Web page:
The Lobster à l'américaine Story

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The Lobster à l'américaine Story
We are now nearly fully sure of the validity of the "à l'américaine" name of this recipe, to the contrary of the "à l'armoricaine" one (note of the translator : "armoricaine" means "from Armorique" and "Armorique" is the old name for Brittany, this west region of France where fish and seafood are so famous and so "armoricain(e)" means "from Brittany". The confusion for the name of this recipe comes from the fact that it could be logic that such a lobster recipe is from Brittany where the best blue lobsters are fished).
We even know where and when this recipe was created. This is then the comical story of the "(blue) lobster à l'américaine" (note of the translator : in French language, the blue or brown lobster - the one with the strong claws - is called "homard" and the red spiny lobster - the one with no claws - is called "langouste").

This recipe was created in the 1860s by Pierre Fraise, a French cook from Sète (note of the translator : south of France, on the sea coast, close to Montpellier, between Marseille and the Spanish boarder).
Back to France after a long stay in the USA, he settled his own business in Paris. He first called his restaurant "Peter" and thereafter "Peter's". Success came immediatly.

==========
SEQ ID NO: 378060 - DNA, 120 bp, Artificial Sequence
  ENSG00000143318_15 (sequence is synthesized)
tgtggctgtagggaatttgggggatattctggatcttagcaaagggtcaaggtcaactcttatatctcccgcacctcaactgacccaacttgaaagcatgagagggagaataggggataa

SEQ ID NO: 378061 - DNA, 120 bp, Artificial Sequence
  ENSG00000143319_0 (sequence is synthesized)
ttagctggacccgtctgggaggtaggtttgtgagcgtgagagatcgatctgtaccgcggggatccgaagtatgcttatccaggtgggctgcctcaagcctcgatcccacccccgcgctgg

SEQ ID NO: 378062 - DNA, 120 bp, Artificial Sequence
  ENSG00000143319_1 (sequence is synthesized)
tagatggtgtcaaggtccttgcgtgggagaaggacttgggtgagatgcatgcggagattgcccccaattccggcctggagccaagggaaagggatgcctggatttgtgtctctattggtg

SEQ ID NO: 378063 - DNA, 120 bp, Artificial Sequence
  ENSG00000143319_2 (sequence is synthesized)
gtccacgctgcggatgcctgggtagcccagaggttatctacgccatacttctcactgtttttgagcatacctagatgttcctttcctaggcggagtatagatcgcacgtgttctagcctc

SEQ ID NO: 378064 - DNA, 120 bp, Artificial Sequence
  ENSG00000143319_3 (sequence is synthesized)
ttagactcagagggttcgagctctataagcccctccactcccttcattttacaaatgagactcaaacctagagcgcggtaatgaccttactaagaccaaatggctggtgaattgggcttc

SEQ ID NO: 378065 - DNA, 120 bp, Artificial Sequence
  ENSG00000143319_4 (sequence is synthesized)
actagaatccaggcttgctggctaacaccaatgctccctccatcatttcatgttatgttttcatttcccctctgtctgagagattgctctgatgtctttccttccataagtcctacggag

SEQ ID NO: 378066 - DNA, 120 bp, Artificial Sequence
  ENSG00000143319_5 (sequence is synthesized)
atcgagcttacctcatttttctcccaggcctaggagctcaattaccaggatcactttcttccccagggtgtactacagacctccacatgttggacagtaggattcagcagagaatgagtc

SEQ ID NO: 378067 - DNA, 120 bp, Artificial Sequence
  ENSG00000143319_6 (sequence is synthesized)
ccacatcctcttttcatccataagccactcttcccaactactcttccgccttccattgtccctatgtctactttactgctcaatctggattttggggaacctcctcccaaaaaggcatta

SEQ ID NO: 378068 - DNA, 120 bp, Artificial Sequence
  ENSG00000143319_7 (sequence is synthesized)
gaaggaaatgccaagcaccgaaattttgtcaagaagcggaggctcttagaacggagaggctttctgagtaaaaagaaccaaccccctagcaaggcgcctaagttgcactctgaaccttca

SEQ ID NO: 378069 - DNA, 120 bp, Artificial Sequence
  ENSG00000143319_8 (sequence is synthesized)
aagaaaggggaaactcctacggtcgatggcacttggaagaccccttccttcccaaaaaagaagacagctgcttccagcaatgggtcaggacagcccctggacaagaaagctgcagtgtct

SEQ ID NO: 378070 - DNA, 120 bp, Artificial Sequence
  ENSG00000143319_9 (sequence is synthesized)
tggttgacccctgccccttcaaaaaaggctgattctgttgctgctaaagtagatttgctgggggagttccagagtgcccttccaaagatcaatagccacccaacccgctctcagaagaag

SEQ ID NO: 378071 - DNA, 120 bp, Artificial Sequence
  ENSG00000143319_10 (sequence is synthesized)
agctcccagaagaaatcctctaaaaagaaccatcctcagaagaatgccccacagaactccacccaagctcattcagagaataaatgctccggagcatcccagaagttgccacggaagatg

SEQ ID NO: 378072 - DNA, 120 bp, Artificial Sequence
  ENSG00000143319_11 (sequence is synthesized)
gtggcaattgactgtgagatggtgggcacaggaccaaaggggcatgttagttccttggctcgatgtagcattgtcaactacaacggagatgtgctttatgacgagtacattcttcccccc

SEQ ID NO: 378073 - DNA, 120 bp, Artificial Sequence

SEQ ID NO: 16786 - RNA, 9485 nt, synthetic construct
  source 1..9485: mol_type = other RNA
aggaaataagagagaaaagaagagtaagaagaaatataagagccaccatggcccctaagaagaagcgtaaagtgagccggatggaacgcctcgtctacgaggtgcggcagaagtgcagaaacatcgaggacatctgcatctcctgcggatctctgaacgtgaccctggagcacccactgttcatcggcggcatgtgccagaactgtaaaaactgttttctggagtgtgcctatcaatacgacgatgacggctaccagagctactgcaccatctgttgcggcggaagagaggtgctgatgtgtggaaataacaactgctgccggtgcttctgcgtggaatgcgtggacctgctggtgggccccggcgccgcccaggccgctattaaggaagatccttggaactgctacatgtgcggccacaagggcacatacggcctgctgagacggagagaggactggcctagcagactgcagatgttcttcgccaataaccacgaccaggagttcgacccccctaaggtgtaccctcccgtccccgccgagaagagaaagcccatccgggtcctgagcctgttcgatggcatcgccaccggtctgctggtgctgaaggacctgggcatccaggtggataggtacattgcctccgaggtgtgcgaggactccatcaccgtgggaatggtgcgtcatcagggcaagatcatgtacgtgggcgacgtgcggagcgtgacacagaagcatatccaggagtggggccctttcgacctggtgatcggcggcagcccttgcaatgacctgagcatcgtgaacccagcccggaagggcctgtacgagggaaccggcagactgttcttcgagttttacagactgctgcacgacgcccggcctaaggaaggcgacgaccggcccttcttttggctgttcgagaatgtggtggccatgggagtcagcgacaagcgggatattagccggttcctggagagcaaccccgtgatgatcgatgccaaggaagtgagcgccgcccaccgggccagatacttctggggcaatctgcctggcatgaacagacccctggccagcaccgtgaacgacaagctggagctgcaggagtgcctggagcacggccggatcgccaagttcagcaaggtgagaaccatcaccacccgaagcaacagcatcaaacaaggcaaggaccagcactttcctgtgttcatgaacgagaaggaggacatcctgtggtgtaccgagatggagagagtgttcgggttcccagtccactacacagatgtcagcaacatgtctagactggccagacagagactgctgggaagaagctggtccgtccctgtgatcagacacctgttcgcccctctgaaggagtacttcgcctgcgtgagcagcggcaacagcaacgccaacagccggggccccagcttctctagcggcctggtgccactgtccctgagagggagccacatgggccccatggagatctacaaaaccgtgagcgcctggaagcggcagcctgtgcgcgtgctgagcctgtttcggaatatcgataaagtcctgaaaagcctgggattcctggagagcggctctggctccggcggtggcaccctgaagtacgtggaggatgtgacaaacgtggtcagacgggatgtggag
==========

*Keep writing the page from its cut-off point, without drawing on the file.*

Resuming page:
One evening, quite late, a few diners came into the restaurant. Pierre was really confused because his fridges were empty to allow him to prepare a meal except, maybe, a few lobsters forecasted to be cooked the day after.

So, no other alternative : he has to speed up : he cuts the lobsters alive, sauté them quickly into little olive oil, flambé them with fine Cognac brandy and throw them onto some chopped shallots, fresh tomatoes, shopped garlic, then he pours one bottle of white wine, seasons with salt and black pepper and cook the whole very quickly.
He presents the lobster pieces and the sauce onto a long dish, comes into the diner room and proudly (sic) announces, still under the influence of his US trip : "ladies and gentlemen, here is my most recent creation ; I called it "Lobster à l'américaine". It was the first time such recipe name was worded.
Much later, the prestigious chef Prosper Montagné and other famous chefs, including the one of the most famous restaurant at that time (Larue restaurant) rejected in whole this innovative recipe.
But finally, who cares since this recipe is now still a symbolic part of the quality of the French cuisine.

And now is the recipe of Lobster à l'américaine.

Vos commentaires

Répondre Didier  01/11/2009

Armoric is an old name(before the roman invasion) of Normandie (where americain troops arrived in france during the 2WW). In gratefullness, we (french ppl) change the named of this sauce (used for lots of fish dishes). Some of anti-americain french ppl says that when it is prepared with condensed tomatoes it is americaine and with fresh tomatoes it is armoricaine.
Great web site by the way

Répondre Rafael Clemente-O  11/03/2009

When I was getting my PHD in Spanish, one of my professor mentioned to me. I had later discussion about the origin of the term. I always lost said argument. Thanks for reinforsing whta I knew was correct.

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